by fusarium, and they all have natural hormones, that promotes strong
root growth, and once they are gone the plant slowly start to die.
Added to pine bark, it is possible to use certain types of coconut
products, otherwise, better to forget... I found amazing growth, followed
by amazing stunting. I paid analysis, because I though this product
was interesting. mineral, hormonal, and pathogens. Was very
expensive...

Another discussion with Xavier:

Now in Europe the latest fashion is rockwhool cubes, and
it will be a disaster, I tried before. I feel it is not enough to say
it does not work, there are analysis mineral, and others, to support
the fact that some substrates cannot work at all for paphs, or for
orchids... like NZ sphagnum vs Chilean one, rockwhool, some types of
perlite from Greece, some types of lava rock. I feel that the
ingredients must be carefull choosen. To tell you, I even got lime
tested, different kinds. And the analysis explained why one time the
plants have nice green leaves, the next, heavy chlorosis. pH and EC
are nothing compared to the remaining... Even fertilizers, I tend to
avoid high NO3 fertilizers, they induce a lot of deficiencies, that
end up killing the plants, always...

Hope this helps on CHC. I am careful to exclude details of his research. My thanks to Xavier. :)

-PM
 

Rick

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I've only been growing since spring 2001, but I do have orchids that have done very well in CHC for over 3 years. A couple of these have not been repotted over this same time period. I just repotted my lowii after 2 years in the same CHC mix.

I also have plants that I have reppoted after less than a year in the mix. Most of these have been Barbata sp paphs. Some have gone back into fresh CHC and have done fine. Some I have recently repotted into bark mixes. In particular the ones that have done poorly in CHC are species that I would expect to like lower pH mixes.

The mix ratio I use is 2 parts CHC, 1 part perlite, 1 part charcoal, and either 1/4 part of oyster shell or chopped sphagnum depending on which way I want the pH to go.

What are the toxicants in question in the Xavier work?
 
M

Mahon

Guest
Not sure of the toxicants, I wish Xavier would post here just this once...:poke:
I am thinking it is the Potasium and Sodium, and they are replaced with Calcium and Magnesium when washed in Magnesium Sulfate then Calcium Nitrate. Magenesium replaces Potasium, the Calcium replaces the Sodium in the CHC...
:)

-Pat
 

Rick

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This wouldn't be realy new news then. The ion exchange capacity of CHC has been brought up before, and that's what prompted the soaking solutions as you listed. By the way standard fertilizers add a significant amount of potassium (K), and if you use potash or Protekt, you add a bunch more too.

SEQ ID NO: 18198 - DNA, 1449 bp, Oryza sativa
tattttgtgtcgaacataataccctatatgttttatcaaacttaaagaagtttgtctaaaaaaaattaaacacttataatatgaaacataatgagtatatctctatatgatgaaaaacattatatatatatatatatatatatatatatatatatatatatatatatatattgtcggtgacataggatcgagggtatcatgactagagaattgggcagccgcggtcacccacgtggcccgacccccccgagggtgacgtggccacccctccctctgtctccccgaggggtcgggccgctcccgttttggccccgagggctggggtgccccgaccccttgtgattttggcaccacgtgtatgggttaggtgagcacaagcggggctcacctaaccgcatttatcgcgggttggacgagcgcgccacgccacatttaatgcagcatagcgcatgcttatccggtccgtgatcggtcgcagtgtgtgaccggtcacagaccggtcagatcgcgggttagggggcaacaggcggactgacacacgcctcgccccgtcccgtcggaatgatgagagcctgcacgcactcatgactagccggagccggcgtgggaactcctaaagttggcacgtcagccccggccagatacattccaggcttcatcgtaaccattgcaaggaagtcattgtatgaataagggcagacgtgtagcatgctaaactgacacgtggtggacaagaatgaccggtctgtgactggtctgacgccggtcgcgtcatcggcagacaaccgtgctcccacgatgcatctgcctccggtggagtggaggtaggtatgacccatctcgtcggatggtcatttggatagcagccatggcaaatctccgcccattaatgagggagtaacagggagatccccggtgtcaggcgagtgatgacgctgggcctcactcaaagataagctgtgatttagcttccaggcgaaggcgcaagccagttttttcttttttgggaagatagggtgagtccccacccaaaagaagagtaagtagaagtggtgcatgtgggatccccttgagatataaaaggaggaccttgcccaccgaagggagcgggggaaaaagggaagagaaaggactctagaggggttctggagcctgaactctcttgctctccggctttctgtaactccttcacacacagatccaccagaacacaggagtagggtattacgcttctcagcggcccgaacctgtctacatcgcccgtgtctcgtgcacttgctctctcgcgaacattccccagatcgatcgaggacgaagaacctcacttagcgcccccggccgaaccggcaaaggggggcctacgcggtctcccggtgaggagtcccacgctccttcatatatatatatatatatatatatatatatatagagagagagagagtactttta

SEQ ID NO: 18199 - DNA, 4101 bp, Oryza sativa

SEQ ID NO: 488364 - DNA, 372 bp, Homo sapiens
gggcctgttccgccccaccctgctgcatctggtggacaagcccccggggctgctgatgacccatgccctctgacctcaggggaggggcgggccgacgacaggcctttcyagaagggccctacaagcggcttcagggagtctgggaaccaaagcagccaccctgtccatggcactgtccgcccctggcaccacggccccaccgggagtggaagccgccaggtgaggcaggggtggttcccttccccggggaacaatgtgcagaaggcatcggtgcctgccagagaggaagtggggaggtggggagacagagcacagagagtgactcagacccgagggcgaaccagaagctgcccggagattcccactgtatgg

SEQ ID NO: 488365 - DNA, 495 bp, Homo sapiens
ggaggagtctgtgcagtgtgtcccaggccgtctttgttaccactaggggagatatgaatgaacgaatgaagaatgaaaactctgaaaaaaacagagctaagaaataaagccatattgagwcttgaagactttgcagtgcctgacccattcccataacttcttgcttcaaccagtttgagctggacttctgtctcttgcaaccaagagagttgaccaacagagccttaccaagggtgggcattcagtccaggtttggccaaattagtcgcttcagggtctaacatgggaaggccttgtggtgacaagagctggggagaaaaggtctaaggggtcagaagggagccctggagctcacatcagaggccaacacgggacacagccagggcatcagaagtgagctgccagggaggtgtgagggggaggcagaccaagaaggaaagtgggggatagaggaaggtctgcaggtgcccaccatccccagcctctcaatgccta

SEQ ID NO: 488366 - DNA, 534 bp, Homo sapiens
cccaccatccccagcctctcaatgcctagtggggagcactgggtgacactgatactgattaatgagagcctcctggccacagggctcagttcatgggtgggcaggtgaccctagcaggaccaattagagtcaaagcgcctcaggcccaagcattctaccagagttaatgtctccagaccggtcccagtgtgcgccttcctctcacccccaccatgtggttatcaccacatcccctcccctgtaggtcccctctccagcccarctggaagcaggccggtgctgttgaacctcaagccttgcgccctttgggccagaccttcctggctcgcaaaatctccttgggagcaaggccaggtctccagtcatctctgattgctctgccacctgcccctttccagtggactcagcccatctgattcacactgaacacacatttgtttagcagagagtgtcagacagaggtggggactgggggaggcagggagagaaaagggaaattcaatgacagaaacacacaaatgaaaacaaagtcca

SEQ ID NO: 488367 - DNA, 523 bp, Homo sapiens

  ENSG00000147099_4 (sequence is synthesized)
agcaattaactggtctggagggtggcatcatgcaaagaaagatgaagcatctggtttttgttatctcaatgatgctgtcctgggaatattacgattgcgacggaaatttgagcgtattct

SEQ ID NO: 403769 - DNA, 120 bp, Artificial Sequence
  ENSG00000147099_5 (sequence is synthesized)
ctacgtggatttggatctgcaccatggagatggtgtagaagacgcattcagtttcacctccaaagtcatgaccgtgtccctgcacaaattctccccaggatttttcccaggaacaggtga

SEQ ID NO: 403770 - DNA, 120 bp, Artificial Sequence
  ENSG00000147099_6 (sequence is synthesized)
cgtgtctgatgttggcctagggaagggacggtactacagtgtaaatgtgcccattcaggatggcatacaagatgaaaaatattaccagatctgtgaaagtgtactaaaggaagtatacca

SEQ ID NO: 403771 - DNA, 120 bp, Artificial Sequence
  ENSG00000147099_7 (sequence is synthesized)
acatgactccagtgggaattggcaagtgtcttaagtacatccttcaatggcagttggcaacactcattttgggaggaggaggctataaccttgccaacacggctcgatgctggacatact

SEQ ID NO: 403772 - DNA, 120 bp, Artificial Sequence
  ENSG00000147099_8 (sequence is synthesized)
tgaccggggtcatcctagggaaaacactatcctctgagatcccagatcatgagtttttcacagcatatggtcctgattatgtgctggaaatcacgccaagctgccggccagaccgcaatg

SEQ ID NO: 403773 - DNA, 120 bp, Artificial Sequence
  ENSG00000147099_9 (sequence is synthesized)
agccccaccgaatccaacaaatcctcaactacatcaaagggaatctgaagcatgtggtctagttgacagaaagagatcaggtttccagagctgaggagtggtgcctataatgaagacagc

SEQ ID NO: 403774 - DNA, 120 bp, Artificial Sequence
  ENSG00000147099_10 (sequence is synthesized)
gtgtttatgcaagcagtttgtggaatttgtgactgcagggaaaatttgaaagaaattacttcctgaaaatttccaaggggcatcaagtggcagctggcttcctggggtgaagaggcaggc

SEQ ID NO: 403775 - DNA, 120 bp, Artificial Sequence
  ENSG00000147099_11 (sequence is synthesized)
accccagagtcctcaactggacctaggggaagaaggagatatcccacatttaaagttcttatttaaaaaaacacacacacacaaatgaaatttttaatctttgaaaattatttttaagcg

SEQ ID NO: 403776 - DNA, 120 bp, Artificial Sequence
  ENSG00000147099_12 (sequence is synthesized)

L

lienluu

Guest
patrix said:
Mahon you did not read my post, I do not have anything in CHC at this time, which is why I made the post.

I do not consider you an expert on anything but find you very annoying so please do not respond to any more of my posts ever. Your consistently irritating behavior to the members of this forum have strongly suggested that you have a some sort of emotional maturity problem, your juvenile responses to their posts and questions clearly confirms it.Again please do not respond to any more of my posts as you not credible in any sense of the word. I really wonder if it is worth keep you as a member with all of the CHAOS you create, however it is not my decision.

Patrix,

You can ignore his annoying posts. This is what i've done. Just simply go to his profile and click on the "Add Mahon to Your Ignore List". It will ask you to confirm and once you do so, any and all posts from him will be omitted from what you see.

Of course, if someone quotes him, you will see the quote. But better than nothing.

Here is a link to his profile, towards the center top 1/3 of the page, you should see the Ignore feature:

http://www.slippertalk.com/forum/member.php?u=111


Lien
 

gonewild

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Patrick,
My statements are not general. They are to the point and I gave examples for each.

What you posted from Xavier's email does not help at all. If you in fact carefully excluded details you very thoroughly excluded any proof or even a hint at a reason to give creditability to what is written.

You state:
"Then they can be 'acceptable' for few weeks to few months... second
problem starts, some batches have water-insoluble hormons, I guess it